Travelrific® Travel Journal

A blog for travel enthusiasts. Listen to our podcasts on the blogroll at Travelrific® Radio. Visit our Wanderful Places® Travel Shop for travel-inspired merchandise!

Archive for U.S. travel

Chrome in Chino

By Linda Tancs

Enveloped in chrome and shiny aluminum, Yanks Air Museum is an aircraft lover’s dream. Located in Chino, California, the facility is a showplace for carefully restored historical aircraft and boasts legends like the P-40 Warhawk and the F-86 Sabre. Its collections range from early aviation (1903 – 1918) to modern jets. The site also has drones, helicopters, vehicles, missiles, model airplanes and aircraft in the boneyard currently being restored to flight-worthy status using period materials.

 

Advertisements

Take Your Valentine to Valentine

By Linda Tancs

How do you celebrate Valentine’s Day? Maybe with some chocolate and a candlelit dinner. Well, there’s so much more awaiting you in Valentine, Nebraska, where of course you can obtain a postmark to commemorate the day of love. But most visitors travel there to start a float trip or to tour the river valley, a good starting point for the 76 miles of the Niobrara National Scenic River that winds through  bluffs, waterfalls and fossil resources along a largely undisturbed shoreline. Less than one percent of U.S. rivers have received a scenic river designation by the National Wild & Scenic Rivers System, an honor reserved for those that are flee flowing with clean water and a largely undeveloped shoreline. The area features notables like the Allen Bridge; listed on the National Register of Historic Structures, it’s the longest single span bridge across the Niobrara. You can paddle among sandstone cliffs and visit public landings like Fort Niobrara National Wildlife Refuge and Smith Falls State Park, both of which have beautiful views of the river.

History, Horses and Hospitality

By Linda Tancs

Belle Meade Plantation in Nashville, Tennessee, is the land of history, horses and hospitality. Historically, native tribes used the woodlands and meadows as a place to hunt wild game, carving a trail over time that was eventually known as the old Natchez road by European settlers. John Harding, a skilled farmer and businessman, purchased some of those hunting grounds in 1806 for farming and thoroughbred breeding, calling the property Belle Meade (beautiful meadow). Harding expanded the family home in 1853, introducing the Greek Revival style mansion seen today. In its heyday, the old Southern plantation was a popular destination for luminaries like President and Mrs. Grover Cleveland, Robert Todd Lincoln, General U.S. Grant, General William T. Sherman and Adlai E. Stevenson. Belle Meade Plantation is open daily, with mansion tours starting every 30 to 45 minutes.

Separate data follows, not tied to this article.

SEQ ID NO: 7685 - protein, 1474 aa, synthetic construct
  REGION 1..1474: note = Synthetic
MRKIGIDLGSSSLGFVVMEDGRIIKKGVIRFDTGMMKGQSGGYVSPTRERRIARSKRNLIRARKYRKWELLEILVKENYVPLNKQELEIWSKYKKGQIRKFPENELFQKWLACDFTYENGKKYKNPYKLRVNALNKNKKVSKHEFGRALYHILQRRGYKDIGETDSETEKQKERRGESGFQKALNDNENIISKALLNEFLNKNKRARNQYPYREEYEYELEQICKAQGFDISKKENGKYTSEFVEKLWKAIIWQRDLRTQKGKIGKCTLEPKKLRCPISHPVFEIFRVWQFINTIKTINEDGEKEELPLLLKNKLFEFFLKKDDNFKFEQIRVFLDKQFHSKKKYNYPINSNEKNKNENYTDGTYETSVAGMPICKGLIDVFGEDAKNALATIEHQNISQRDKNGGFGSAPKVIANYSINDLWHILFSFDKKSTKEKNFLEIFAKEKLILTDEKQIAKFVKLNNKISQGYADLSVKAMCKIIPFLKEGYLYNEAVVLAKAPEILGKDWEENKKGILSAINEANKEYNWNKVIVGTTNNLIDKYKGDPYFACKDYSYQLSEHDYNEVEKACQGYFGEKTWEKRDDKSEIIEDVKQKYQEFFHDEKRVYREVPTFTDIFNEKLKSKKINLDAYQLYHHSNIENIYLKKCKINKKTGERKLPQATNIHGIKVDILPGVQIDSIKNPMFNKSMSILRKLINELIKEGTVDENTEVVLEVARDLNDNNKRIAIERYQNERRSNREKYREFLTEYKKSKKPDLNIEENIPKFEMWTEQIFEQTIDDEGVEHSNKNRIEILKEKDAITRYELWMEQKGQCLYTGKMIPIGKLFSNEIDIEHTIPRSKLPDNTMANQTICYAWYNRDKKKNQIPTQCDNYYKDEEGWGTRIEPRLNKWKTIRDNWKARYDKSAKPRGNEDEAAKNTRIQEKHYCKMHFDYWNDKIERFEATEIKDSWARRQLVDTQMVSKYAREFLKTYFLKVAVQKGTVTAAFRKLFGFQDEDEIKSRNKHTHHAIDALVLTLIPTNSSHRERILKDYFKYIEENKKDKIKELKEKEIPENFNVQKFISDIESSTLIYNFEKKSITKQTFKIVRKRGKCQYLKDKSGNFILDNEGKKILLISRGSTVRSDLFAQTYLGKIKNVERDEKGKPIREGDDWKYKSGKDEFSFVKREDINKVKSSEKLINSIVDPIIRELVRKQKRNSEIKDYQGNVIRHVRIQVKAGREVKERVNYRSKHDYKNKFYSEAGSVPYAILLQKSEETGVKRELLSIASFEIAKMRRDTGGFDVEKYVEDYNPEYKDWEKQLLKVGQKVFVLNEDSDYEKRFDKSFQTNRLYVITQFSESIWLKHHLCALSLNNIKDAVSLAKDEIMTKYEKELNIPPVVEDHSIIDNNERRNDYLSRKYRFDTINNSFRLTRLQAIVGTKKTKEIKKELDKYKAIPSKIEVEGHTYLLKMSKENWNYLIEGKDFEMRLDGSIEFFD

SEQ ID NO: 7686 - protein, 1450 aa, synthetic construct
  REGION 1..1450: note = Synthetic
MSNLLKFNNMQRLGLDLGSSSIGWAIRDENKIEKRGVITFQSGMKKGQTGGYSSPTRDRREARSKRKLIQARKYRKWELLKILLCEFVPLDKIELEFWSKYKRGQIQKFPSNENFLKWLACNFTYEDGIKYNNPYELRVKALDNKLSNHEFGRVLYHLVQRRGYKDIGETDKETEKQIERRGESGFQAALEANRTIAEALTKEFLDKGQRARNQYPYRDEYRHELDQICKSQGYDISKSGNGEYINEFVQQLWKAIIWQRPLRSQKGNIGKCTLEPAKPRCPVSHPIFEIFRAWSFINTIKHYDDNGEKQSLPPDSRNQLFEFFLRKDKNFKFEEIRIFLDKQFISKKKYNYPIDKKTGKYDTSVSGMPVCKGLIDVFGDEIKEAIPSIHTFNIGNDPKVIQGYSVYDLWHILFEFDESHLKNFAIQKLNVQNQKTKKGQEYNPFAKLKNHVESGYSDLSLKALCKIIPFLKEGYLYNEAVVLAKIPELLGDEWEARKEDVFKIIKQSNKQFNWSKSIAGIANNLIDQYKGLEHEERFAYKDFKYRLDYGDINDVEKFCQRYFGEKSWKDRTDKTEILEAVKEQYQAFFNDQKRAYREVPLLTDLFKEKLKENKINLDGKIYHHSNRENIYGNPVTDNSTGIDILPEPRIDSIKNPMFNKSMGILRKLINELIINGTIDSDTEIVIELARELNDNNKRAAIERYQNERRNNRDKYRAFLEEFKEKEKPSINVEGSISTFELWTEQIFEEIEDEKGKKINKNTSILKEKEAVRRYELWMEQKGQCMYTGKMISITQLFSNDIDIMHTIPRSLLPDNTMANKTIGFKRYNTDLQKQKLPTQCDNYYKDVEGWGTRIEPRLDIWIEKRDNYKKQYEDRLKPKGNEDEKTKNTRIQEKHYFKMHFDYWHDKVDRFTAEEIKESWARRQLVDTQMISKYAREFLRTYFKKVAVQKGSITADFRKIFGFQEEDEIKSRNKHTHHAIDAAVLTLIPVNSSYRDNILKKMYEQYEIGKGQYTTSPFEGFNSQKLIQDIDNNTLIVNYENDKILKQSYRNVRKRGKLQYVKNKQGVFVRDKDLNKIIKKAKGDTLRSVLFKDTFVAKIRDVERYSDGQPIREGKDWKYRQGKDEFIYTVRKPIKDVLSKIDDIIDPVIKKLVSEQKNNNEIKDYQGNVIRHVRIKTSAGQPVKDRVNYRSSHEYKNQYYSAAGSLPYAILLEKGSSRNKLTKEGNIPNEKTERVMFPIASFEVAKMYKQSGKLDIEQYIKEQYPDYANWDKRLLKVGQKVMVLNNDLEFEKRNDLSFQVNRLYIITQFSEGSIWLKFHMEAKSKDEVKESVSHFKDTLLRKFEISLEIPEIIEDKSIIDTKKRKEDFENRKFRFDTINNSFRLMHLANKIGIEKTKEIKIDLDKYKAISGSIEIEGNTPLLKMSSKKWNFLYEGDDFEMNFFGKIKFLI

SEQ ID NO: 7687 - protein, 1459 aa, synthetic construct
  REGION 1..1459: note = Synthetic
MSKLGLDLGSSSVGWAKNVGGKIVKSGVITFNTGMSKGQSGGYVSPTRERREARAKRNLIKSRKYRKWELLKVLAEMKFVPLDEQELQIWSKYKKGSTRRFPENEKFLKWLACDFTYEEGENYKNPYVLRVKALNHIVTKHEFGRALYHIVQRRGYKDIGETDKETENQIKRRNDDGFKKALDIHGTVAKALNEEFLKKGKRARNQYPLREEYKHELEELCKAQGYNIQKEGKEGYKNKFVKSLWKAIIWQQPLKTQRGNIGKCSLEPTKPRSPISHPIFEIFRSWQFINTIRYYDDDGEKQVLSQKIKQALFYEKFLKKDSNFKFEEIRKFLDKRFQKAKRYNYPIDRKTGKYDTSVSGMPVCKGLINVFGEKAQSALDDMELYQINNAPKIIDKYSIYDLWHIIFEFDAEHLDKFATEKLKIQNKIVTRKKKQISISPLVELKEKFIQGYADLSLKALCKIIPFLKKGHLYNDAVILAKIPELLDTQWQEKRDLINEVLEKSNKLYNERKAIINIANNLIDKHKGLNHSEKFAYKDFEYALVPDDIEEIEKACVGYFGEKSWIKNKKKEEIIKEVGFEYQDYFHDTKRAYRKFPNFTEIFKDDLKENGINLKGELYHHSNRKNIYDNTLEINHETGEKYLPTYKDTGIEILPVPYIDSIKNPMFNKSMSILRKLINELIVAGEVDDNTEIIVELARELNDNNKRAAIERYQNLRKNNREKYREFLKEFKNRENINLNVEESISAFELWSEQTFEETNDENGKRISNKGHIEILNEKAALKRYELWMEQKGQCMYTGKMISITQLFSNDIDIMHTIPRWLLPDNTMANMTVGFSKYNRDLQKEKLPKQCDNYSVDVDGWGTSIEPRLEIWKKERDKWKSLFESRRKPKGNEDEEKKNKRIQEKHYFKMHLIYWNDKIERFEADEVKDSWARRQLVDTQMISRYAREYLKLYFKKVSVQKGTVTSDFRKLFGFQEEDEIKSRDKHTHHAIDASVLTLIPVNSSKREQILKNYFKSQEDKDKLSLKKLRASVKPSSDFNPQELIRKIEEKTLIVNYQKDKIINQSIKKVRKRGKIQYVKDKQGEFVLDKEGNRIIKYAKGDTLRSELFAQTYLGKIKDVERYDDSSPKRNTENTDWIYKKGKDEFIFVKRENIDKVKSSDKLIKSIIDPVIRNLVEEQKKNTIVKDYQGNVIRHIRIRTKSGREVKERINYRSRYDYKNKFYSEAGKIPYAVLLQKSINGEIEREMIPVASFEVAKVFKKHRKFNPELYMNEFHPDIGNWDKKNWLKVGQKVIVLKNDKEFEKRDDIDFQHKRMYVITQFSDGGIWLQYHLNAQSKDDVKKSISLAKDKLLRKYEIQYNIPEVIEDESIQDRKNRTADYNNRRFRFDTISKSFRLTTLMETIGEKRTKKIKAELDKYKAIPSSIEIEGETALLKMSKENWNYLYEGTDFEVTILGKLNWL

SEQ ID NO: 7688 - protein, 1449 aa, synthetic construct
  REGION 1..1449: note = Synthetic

An Epic Tall Ship

By Linda Tancs

A living testament to the “Age of Sail,” Elissa is a three-masted, iron-hulled sailing ship built in 1877 in Aberdeen, Scotland, by Alexander Hall & Company. According to a descendant of her builder, the tall ship’s name was taken from the epic Roman poem The Aeneid, which follows the story of Dido (originally a Phoenician princess named Elissa), who fled from Tyre to Africa and founded Carthage. Like her poetic counterpart, the barque is a survivor, securing a second life (following decades as a freighter) as a fully-functional vessel that continues to sail annually during sea trials in the Gulf of Mexico. She’s located at Texas Seaport Museum, Pier 21, in Galveston, Texas.

Miracle Water in Georgia

By Linda Tancs

Aptly named, Providence Spring in Andersonville, Georgia, is a matter of divine providence in Civil War lore. The story goes that thousands of Union soldiers were dying of thirst in the summer of 1864 at a prison camp in Andersonville, one of the largest Confederate military prisons during the war. The cries of thirst ended when a spring mysteriously erupted in the stockade. The site is covered with a memorial house and is accessible via a road behind the National POW Museum, part of Andersonville National Historic Site.

Preserving Native American Culture

By Linda Tancs

Located along the banks of the Missouri River in Chamberlain, South Dakota, the Akta Lakota Museum & Cultural Center tells the unique stories of the Lakota Indian tribe from the perspective of both the past and the present. An educational outreach program of St. Joseph’s Indian School, the museum strives to preserve and promote the Lakota (Sioux) culture through art, artifacts and educational displays that depict the proud heritage of the Lakota people. Admission to the center is free but donations are gratefully accepted.

Surfing in Santa Cruz

By Linda Tancs

Santa Cruz proudly claims to be the location of the very first board surfing ever in North America, at the “Rivermouth” break in 1885. A strong surf culture still prevails today, enhanced by the locale’s dedication as a World Surfing Reserve in 2012. An initiative of Save the Waves, the program serves as a global model for preserving wave breaks and their surrounding areas by recognizing and protecting the key environmental, cultural, economic and community attributes of surfing areas. At least 23 consistent surf breaks are sited along this marine protected area, including the world-class breaks of Steamer Lane and Pleasure Point. Not surprisingly, the city hosts a surfing museum overlooking Steamer Lane tracing over 100 years of surfing history in town. Winter is always the best time for surfing consistent waves, and the breaks are rated from “expert” to “beginner.”

%d bloggers like this: